AFP – January 9, 2008
Iran on Wednesday accused the United States of "clumsily" fabricating footage claiming to show Iranian speedboats harassing US ships, as tensions rose amid President George W. Bush's visit to the region.
"The pictures that the Pentagon broadcast of the naval incident are file pictures and the voices have all been fabricated," the Fars news agency quoted a senior commander in the Revolutionary Guards as saying.
The Pentagon released a video and audio tape on Tuesday that it said confirmed US charges that Iranian speedboats swarmed around US warships in the Strait of Hormuz on Sunday and radioed a threat to blow them up.
"The voices and pictures broadcast by the Pentagon about the latest incident have been fabricated so clumsily that the pictures and voices in the video are not even synchronized," added the source.
"That fact that it is a fake is clear to all."
Before arriving in Israel, Iran's arch enemy, on his first visit to the country as president, Bush lashed out at Tehran for what he described as a "provocative act" in the strategic waterway.
"We viewed it as a provocative act. It is a dangerous situation and they should not have done it, pure and simple," Bush declared.
National Security Advisor Stephen Hadley also warned Iran against any repetition, saying the incident "came very close to resulting in an altercation between our forces and their forces.
"They've got to be very careful about this, because if it happens again, they are going to bear the consequences of that incident," he said.
"And we think the Iranians need to be on notice that they are fishing in troubled waters here."
The video, which the Pentagon said was taken from the bridge of the destroyer USS Hopper, showed fast boats approaching the warships at high speeds and racing around the Hopper, the USS Port Royal and the USS Ingraham.
A man's voice is heard in an audio recording speaking in English amid a sailor's urgent warnings to stay clear of the ship.
"I am coming to you... You will explode in a few minutes," the voice is heard to say.
Iranian officials had already dismissed the US version of the incident as anti-Iran propaganda ahead of Bush's visit to the Middle East, saying what happened was an everyday occurrence.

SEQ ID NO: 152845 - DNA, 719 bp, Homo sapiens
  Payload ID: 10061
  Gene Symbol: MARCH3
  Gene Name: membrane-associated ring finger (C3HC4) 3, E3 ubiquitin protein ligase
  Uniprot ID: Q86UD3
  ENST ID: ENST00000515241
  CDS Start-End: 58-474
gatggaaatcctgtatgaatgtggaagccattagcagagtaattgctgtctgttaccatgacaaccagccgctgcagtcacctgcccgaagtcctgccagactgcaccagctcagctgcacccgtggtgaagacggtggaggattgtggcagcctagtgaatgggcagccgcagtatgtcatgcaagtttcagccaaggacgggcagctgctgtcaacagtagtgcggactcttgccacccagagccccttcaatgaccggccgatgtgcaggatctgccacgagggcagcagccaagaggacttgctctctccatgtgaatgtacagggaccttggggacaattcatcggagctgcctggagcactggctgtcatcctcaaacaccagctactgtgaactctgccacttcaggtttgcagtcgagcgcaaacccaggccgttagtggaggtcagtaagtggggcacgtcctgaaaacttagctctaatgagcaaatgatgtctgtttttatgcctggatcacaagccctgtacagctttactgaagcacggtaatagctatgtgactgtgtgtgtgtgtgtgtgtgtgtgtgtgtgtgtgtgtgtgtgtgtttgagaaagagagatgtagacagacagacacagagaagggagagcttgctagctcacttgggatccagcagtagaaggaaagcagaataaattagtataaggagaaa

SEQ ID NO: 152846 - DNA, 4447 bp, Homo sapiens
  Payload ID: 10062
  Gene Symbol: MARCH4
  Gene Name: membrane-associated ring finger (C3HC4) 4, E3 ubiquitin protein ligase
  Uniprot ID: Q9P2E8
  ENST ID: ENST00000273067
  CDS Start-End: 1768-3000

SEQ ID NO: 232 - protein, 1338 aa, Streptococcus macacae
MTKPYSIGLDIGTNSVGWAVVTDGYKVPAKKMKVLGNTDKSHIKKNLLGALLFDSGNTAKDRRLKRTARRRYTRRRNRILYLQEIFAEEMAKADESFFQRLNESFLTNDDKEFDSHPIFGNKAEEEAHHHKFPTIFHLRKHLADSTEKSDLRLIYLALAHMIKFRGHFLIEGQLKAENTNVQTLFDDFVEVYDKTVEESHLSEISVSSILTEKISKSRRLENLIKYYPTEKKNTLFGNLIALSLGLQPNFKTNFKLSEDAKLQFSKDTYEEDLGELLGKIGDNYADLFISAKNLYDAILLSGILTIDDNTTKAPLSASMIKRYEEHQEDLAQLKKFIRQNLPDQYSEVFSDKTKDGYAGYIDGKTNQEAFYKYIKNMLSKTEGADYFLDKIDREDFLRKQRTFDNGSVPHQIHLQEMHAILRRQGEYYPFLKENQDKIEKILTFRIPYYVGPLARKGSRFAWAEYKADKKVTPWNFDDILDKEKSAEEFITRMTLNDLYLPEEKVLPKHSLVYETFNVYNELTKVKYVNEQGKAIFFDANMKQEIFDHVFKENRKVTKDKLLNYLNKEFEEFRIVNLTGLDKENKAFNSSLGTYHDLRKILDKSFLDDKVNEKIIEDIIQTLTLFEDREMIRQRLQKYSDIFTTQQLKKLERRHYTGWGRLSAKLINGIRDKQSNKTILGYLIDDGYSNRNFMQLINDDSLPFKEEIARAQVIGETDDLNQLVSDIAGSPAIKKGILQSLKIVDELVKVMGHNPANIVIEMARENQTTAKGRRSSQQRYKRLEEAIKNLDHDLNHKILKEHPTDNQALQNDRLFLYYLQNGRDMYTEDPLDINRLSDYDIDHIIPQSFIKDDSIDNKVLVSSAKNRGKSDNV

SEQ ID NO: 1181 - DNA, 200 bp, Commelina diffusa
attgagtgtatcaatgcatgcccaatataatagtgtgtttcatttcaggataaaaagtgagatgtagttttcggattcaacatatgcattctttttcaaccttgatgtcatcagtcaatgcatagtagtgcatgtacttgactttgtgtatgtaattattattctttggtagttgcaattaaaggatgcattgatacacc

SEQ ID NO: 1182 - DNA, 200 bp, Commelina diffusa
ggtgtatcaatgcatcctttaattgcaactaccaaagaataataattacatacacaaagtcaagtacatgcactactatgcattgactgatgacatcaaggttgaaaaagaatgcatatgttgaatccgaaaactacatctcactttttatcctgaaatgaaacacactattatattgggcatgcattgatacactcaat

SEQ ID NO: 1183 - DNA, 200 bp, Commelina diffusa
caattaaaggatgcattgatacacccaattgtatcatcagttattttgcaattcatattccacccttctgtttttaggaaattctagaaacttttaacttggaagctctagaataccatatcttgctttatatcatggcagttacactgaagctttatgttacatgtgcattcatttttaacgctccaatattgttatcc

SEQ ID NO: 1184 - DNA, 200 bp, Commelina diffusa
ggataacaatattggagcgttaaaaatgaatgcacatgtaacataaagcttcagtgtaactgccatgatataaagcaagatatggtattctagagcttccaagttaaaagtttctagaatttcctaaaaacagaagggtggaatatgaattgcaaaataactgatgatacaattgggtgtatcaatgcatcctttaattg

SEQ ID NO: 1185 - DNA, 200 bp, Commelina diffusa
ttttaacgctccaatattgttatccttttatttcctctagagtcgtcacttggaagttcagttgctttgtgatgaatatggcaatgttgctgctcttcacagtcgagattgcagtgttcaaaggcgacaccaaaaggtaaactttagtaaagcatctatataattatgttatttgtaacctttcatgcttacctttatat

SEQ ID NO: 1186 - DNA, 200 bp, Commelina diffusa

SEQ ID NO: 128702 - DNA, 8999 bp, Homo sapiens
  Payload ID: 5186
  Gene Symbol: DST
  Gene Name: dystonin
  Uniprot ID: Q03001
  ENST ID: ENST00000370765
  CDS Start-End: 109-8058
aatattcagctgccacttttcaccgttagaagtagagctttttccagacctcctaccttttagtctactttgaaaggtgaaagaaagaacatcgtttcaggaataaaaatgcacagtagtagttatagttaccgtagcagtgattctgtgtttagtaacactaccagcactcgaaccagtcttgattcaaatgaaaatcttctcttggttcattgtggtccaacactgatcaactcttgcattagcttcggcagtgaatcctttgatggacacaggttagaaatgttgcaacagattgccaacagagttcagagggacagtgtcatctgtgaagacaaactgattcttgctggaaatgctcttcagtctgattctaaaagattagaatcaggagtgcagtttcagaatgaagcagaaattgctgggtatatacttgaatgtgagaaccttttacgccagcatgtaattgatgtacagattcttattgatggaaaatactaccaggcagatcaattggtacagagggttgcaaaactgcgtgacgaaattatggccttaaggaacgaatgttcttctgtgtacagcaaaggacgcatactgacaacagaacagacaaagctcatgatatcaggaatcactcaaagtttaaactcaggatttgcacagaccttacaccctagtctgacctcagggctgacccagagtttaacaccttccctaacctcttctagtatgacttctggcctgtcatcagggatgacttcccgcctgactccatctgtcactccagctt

The Revolutionary Guards, Iran's elite military unit, have said that their naval forces merely identified the US vessels before both sides went on their way without any disturbance.
Bush landed in Israel on Wednesday in a bid to bolster recently-revived Middle East peace talks, a visit already slammed by Iran as needless meddling in the region.
"On the verge of Bush's already failed visit to the region, the Western media have attempted to put the US project to create fear against Iran on the agenda," the senior Guards commander told Fars.
Bush -- who will also visit Kuwait, Bahrain, the United Arab Emirates, Saudi Arabia and Egypt -- is expected to urge Washington's Arab allies to pressure Iran over its nuclear programme.
"We take your advice to not underestimate the Iranian threat. Iran should not underestimate our resolve for self defence," warned Israeli President Shimon Peres as he welcomed Bush.
The Strait of Hormuz is a vital conduit for energy supplies, with about 20-25 percent of the world's crude oil supplies passing through from Gulf oil producers.
It was Iran's Revolutionary Guards who in March last year seized 15 British sailors and marines in Gulf waters and held them at a secret location before releasing them in Tehran two weeks later.
A recent US intelligence report that said Iran halted a nuclear weapons programme in 2003 has momentarily taken the heat out of the atomic crisis. Washington still wants fresh UN Security Council action against Tehran.
However the incident in the Straits of Hormuz has underlined the tensions that remain between the two countries, which have had no diplomatic relations for almost three decades.
U.S. authorities are now qualifying statements that the voice came from any of the Iranian boats. According to Cdr. Lydia Robertson, the 5th Fleet spokeswoman in Bahrain it could have come from another ship in the area or even from shore. "We don't have a direct connection, but it's not necessarily a disconnect," she said.
Or maybe as the IRGC commander claims, it is just a fabrication using file footage with the addition of voices. Certainly the voice that states menacingly, "I am coming to you...you will explode after a few minutes", does seem too steady to be coming from a high-speed powerboat racing through choppy seas.
So the idea that it may be a fabrication is not entirely implausible. After all the U.S. has years of experience doing this with the bin Laden tapes. What's more the timing of the tapes release coincides perfectly with Bush's Middle East visit, just as the bin Laden tapes have previously been used to boost his sagging approval ratings. Judge for yourself below.
Watch the video here (be patient, it takes a few minutes to load).
The Iranian version of events also includes a video link.
Last updated 11/01/2008